I’ll use one of my favorite Van Gogh paintings as an example,”Wheatfields under Thunderclouds,” completed shortly before Van Gogh’s death in 1890.

Here’s the website’s short description of this painting:

In the last weeks of his life, Van Gogh completed a number of impressive paintings of the wheatfields around Auvers. This outspread field under a dark sky is one of them.

In these landscapes he tried to express ‘sadness, extreme loneliness’. But the overwhelming emotions that Van Gogh experienced in nature were also positive. He wrote to his brother Theo, ‘I’d almost believe that these canvases will tell you what I can’t say in words, what I consider healthy and fortifying about the countryside.’

The elongated format of Wheatfields under Thunderclouds is unusual. It emphasizes the grandeur of the landscape, as does the simple composition: two horizontal planes.

Through the website I can order a print in three different types of finish in five sizes, and share it through five social media. I don’t know if I like the painting enough to pay over 100 Euros for it, but it’s certainly easy to share.

I glanced through Van Gogh’s work by year, beginning with the museum’s earliest holdings. I assure you that worldwide artistic renown would never have been predicted for Van Gogh based on his work up to about 1885. Finally, I could begin to see his mature style in “Houses Seen from the Back,” painted in late 1885-early 1886.

For more background about Van Gogh and his artistic development the museum provides several what it calls stories on its website. These cover his friends, loves, artistic influences, and his mental state. I especially enjoyed the Inspiration from Japan story, which explains the elements of Japanese prints used by Van Gogh.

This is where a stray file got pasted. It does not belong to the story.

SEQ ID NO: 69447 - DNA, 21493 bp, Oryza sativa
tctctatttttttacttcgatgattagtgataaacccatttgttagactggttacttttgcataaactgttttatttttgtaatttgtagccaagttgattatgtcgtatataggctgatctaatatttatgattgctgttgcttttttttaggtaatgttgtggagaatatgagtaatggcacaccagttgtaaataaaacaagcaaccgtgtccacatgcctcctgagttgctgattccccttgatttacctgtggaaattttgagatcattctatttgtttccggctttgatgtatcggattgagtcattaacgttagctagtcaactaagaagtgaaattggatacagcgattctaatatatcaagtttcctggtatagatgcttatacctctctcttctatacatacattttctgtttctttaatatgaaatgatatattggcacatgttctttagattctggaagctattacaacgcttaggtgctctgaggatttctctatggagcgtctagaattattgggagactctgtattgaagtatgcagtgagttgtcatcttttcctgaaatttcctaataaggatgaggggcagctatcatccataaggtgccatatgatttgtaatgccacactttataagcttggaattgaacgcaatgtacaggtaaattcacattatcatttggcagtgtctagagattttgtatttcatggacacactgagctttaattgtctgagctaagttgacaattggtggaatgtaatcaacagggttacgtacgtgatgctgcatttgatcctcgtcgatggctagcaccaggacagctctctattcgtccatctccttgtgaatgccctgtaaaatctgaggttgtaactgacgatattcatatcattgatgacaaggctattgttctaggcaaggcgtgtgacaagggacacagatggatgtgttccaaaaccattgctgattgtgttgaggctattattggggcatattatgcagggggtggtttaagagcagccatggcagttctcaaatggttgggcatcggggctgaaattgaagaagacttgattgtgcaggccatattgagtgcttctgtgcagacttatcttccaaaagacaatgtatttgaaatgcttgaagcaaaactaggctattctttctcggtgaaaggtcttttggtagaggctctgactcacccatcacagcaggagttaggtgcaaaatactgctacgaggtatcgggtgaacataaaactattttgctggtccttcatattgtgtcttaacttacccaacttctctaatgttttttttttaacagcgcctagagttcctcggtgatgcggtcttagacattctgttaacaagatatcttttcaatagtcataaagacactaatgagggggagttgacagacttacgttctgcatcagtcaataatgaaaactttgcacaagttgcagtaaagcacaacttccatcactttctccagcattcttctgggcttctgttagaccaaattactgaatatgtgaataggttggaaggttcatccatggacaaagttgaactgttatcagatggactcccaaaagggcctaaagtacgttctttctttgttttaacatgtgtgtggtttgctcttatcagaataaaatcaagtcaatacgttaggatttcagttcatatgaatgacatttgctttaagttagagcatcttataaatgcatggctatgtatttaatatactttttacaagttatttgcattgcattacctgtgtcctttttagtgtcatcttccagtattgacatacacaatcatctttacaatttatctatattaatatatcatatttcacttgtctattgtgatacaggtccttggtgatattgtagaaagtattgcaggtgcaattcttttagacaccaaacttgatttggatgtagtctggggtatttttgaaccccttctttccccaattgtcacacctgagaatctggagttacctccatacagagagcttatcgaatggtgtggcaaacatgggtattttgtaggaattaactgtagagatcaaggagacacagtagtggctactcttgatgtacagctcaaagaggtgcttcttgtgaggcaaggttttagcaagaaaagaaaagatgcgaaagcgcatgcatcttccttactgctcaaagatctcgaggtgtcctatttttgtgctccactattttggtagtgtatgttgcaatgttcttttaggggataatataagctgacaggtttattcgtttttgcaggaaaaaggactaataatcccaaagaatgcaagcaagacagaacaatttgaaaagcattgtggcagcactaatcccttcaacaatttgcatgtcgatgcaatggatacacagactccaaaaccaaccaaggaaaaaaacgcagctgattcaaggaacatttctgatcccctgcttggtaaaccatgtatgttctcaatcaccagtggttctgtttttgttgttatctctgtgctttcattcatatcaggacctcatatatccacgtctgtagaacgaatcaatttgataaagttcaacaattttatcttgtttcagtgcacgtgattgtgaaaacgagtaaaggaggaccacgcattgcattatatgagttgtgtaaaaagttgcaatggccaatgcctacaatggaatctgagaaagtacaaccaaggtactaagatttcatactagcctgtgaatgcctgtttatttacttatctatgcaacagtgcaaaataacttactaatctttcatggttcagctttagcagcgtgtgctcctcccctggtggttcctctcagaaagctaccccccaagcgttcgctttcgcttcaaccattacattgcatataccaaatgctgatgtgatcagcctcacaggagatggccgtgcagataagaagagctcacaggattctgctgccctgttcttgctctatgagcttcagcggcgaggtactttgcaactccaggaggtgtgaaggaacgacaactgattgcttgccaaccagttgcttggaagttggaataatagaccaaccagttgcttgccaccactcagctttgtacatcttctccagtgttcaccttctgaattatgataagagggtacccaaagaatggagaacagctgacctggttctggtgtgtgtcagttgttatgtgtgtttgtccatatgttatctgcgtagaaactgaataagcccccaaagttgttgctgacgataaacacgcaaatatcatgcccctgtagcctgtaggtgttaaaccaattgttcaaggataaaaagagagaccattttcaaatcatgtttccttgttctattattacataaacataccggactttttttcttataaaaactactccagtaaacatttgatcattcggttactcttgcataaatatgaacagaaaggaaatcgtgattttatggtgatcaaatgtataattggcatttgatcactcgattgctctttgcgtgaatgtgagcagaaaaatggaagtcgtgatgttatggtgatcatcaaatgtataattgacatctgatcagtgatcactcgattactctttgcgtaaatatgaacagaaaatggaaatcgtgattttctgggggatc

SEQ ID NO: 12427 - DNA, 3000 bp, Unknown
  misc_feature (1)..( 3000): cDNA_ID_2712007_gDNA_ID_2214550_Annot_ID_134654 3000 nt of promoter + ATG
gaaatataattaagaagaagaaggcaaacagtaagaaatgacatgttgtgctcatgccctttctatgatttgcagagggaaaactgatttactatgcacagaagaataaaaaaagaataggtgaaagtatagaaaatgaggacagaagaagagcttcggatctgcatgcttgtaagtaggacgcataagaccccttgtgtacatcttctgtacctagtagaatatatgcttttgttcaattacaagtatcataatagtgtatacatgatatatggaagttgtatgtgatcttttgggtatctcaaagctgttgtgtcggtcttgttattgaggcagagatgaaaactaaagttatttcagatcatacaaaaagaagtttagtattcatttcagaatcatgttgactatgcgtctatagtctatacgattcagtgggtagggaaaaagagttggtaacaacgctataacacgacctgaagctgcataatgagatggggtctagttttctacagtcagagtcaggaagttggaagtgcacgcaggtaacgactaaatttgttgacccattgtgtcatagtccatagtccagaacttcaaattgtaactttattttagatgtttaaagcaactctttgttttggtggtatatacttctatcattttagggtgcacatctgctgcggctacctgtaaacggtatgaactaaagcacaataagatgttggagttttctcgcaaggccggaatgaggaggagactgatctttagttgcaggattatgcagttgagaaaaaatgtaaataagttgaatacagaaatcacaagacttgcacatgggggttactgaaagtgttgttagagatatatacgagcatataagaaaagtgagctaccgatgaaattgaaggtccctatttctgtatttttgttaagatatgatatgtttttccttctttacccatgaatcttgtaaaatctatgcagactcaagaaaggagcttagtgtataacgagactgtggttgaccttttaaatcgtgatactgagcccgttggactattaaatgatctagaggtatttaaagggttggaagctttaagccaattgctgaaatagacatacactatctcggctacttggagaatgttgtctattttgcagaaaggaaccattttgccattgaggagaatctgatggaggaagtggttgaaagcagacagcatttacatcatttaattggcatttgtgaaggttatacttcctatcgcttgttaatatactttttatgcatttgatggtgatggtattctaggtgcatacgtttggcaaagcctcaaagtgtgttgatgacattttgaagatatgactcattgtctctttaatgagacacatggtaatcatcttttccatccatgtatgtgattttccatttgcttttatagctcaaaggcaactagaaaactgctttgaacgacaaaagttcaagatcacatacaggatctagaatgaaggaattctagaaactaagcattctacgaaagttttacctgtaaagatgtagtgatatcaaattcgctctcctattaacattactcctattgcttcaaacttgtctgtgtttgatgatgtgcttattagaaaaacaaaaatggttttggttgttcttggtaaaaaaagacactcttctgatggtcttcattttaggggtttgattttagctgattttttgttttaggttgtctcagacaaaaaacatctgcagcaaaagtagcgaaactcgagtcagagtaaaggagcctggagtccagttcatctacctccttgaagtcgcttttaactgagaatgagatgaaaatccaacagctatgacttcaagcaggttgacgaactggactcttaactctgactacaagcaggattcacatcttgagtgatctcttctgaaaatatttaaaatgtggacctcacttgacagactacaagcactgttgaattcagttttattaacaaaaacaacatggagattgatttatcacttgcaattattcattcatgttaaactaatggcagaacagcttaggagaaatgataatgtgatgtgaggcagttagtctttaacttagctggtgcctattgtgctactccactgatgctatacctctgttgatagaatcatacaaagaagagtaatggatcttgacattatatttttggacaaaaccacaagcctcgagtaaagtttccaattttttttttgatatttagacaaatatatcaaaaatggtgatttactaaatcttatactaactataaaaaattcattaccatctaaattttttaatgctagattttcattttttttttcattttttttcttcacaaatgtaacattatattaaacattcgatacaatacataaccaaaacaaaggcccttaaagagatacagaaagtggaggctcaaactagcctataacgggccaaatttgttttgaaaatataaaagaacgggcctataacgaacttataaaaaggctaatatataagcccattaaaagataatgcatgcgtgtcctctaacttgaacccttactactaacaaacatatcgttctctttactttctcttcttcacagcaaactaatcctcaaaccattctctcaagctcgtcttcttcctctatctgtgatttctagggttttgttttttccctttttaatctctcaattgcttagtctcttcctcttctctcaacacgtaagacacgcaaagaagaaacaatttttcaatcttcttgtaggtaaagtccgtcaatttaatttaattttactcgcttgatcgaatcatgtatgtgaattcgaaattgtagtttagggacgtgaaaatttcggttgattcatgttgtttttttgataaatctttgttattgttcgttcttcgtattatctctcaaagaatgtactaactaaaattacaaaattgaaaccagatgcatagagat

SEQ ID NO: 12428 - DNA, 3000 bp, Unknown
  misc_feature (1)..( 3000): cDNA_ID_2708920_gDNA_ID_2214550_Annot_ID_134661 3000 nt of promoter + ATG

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My Latest Obsession

When I began my map quilt of the Ohio and Erie Canal I had no idea how deep I would get into the subject. Last Sunday I dragged my husband to a lock operation demo at the NPS Canal Exploration Center, and then surveyed the exhibits inside the center. First, here’s a photo of an actual quilt being worked on by one of the volunteers. (She was taking a break at the time.) You can tie just about any subject to quilting, somehow.

Opening and closing a canal lock isn’t exactly high tech. You get a few people to push or pull the horizontal beams attached to the gates. Those suckers weigh a few tons. When the lower gate is closed the lock fills up with water and raises the boat to a higher level for the next stretch of canal. If the boat is going the other way, the process is reversed.

I learned that each lock is 15 feet wide and 90 feet long. Canal boats were 14 feet wide and 80 feet long, which made for tight clearance. After the mules or horses were unhitched, the crew poled the boats into the locks and used the poles to keep the boats away from the lock sides.

Before 1850 some canal boats took paying passengers from Cleveland to Portsmouth, Ohio. A trip took about 80 hours, and to call the quarters cramped is an understatement. After 1850 railroads were the preferable transportation choice.

Many canal boats were family operations and the boats also served as the family’s home.

During the disastrous flood of 1913 the locks in Akron were dynamited to release the water backed up by the locks. There were 15 locks in a one mile stretch in Akron.